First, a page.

“There are 18,000 companies in America with operations in Mexico,” Gregory said. “I would be amazed if there were any sort of similar number with operations in the Middle East. Obviously, there are going to be oil companies out there that have operations and support services but, I think, at the moment, Mexico is the number one area of concern for our clients.”

Mexico should, perhaps, be the lead area of concern for any business traveler. According to data compiled by global risk consultancy Control Risks, Mexico topped India, Pakistan, Iraq and Nigeria as the nation with the most kidnaps-for-ransom in 2014 (see inset). The vast majority are economically-motivated kidnappings. These seldom make headlines, and the ransoms seldom break the bank—many are almost alarmingly routine cash-grabs, with short-term hostages held for a quick payout.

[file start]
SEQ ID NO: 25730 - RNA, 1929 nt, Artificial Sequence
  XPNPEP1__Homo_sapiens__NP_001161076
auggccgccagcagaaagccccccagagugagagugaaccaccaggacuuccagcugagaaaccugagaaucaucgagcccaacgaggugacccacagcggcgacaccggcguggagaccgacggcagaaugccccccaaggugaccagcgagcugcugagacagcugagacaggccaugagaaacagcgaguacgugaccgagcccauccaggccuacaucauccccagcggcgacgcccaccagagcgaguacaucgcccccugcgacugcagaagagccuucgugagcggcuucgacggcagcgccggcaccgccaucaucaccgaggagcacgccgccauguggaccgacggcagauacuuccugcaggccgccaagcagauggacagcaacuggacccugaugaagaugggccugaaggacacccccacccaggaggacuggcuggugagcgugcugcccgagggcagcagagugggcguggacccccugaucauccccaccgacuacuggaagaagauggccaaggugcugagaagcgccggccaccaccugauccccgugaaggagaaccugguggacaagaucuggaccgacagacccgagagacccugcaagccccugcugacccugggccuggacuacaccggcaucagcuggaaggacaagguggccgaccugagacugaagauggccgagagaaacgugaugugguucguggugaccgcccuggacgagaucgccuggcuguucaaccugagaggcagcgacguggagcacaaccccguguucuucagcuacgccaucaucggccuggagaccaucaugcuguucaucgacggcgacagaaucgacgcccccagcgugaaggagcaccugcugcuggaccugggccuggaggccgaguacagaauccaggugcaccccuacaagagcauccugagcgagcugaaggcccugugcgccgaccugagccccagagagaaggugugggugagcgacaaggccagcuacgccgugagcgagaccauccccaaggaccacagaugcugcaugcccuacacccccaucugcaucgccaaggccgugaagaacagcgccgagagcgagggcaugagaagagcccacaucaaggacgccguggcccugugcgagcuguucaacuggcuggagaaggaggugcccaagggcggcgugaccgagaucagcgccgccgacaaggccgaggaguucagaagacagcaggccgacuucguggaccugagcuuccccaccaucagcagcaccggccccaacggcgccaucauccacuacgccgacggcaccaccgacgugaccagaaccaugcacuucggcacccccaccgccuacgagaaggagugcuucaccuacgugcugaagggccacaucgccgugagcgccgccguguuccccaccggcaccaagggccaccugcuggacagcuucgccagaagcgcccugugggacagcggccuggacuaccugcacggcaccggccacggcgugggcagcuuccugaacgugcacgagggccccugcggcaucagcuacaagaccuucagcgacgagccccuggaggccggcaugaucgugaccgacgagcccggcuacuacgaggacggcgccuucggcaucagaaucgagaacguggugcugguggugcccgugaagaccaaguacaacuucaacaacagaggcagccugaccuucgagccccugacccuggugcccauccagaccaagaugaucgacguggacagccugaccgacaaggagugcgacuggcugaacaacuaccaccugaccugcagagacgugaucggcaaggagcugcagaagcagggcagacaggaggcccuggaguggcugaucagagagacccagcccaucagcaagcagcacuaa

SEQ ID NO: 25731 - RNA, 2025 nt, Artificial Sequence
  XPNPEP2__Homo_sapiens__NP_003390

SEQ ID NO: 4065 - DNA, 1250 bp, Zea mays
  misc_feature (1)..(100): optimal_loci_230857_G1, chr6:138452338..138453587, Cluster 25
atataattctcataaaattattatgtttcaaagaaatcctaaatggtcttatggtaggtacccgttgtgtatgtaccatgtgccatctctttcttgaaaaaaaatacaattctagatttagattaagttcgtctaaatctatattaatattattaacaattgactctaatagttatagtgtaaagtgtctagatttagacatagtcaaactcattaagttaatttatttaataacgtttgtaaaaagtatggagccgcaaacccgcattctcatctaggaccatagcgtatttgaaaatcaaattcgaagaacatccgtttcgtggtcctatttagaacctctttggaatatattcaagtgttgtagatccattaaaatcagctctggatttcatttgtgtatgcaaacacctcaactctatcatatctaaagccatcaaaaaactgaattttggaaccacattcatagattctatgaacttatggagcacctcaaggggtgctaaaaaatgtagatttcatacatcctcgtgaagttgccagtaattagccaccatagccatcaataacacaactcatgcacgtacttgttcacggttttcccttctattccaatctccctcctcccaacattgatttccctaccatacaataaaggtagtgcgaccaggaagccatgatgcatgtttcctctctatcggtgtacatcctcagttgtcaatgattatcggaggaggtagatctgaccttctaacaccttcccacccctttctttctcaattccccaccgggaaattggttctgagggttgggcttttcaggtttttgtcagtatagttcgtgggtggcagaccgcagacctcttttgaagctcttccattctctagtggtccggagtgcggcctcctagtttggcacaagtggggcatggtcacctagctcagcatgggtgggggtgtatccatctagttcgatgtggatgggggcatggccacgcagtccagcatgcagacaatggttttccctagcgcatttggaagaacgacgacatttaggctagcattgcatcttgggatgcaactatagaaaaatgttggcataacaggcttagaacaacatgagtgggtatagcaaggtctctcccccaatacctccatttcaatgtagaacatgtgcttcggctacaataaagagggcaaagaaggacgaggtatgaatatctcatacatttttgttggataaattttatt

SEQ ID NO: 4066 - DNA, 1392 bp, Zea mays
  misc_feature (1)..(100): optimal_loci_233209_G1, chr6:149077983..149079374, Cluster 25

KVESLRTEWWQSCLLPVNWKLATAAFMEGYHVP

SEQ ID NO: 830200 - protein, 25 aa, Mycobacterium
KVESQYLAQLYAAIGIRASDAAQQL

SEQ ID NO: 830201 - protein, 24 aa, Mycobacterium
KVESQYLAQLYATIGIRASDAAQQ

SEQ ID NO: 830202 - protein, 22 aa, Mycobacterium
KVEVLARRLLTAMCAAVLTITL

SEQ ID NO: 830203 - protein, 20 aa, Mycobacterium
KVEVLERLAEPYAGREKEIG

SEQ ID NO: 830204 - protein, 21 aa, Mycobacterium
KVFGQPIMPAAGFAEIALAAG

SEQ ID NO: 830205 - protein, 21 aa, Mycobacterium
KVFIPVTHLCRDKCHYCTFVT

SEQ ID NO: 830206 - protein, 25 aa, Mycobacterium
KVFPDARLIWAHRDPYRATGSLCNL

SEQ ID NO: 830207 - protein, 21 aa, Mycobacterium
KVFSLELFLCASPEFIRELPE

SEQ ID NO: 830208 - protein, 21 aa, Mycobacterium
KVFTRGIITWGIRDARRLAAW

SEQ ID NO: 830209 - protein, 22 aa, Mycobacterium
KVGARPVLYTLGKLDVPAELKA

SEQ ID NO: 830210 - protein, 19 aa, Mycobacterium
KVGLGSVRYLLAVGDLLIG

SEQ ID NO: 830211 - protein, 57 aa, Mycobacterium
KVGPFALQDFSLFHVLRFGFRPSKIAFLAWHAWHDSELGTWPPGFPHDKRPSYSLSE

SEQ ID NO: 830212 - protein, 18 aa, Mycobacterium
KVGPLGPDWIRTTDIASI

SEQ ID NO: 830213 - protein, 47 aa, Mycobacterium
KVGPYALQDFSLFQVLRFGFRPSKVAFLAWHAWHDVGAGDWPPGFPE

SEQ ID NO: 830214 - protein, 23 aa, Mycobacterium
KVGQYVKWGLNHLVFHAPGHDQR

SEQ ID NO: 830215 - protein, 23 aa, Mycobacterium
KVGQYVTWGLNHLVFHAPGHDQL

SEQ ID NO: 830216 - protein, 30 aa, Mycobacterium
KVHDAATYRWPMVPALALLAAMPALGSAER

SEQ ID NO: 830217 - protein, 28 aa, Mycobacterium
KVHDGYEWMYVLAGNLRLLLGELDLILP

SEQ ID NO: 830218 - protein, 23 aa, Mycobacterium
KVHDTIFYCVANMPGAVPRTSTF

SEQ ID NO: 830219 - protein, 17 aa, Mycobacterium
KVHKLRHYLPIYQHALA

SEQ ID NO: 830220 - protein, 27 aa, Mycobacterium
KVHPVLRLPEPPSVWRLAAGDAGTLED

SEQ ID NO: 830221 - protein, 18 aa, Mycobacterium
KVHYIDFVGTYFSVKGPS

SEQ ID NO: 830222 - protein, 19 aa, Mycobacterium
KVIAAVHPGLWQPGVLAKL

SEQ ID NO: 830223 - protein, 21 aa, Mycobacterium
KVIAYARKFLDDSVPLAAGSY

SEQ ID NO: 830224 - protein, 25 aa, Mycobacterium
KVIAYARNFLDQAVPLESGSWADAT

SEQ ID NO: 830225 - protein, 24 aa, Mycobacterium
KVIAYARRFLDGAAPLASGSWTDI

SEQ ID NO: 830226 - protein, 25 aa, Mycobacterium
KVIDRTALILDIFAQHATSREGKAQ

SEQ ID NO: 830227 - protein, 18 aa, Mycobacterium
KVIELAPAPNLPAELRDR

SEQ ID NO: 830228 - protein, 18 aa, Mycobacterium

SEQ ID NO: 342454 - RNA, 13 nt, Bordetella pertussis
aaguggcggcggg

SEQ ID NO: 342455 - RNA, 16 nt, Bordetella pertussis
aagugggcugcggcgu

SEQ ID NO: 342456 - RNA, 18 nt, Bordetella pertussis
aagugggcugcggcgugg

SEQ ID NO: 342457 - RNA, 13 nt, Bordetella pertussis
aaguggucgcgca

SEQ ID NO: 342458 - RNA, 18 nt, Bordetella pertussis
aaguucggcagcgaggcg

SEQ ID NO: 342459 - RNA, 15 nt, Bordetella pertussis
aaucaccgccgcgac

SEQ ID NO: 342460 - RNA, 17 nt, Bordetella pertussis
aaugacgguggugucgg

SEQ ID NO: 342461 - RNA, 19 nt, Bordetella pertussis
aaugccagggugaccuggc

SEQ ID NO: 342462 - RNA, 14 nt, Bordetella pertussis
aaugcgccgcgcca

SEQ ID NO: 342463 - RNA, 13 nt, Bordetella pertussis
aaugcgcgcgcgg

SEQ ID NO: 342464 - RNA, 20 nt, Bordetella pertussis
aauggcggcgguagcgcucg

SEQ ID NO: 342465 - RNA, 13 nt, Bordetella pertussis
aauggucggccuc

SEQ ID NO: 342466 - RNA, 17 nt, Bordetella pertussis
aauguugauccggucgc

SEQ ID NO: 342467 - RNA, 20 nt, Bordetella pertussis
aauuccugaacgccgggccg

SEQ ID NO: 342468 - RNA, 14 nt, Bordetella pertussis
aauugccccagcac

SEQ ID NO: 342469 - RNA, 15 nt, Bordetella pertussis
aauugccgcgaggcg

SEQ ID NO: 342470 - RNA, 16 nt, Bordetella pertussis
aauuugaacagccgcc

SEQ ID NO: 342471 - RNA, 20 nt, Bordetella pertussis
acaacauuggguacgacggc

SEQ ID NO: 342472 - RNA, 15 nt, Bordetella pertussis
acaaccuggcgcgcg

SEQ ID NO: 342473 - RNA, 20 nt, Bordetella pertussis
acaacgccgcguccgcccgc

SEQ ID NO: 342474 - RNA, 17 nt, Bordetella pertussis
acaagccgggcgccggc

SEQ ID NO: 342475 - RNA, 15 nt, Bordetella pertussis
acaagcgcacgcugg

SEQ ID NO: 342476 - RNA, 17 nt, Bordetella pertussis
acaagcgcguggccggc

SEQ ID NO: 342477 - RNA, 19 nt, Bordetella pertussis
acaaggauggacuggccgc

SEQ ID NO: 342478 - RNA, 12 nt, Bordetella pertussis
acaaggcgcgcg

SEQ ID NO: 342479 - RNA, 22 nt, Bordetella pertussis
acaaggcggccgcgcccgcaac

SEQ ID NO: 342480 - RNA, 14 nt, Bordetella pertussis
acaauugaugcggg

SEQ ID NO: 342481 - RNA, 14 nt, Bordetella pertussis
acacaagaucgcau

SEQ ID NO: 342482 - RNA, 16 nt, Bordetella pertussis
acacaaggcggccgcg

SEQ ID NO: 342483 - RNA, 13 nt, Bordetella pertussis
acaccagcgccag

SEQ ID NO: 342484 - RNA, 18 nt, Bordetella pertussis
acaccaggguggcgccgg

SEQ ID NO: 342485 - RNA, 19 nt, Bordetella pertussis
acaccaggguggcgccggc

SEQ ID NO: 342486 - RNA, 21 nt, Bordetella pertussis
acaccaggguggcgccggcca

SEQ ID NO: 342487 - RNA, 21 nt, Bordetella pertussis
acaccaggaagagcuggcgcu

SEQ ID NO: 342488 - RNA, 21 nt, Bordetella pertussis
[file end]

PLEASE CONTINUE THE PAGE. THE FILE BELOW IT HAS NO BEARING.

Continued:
In the event of such an incident, the real value in the policy has little to do with financing a ransom. “Ransom demands have come down, so the average ransom demand in Mexico may be, say, $40,000. That’s not going to be an amount that will bring many companies to their knees—it’s a fairly manageable number,” he explained. “It’s the mechanics of the negotiations with the kidnappers, the delivery of the cash, managing the process, the family, the media, and the other employees in the organization—that is the complex part, and that’s where the real value of is bought: the response consultants.”

Such response consultants have been able to reduce the duration and ransom settlement terms, minimizing global fatalities to just 5% of victims. While outcomes vary tremendously by country, approximately three-quarters of victims worldwide were held for less than a week, with 75% released and 18% rescued. Further, ransom settlements are often far lower than demands, with some cases resolved for 10% to 20% of the asking price.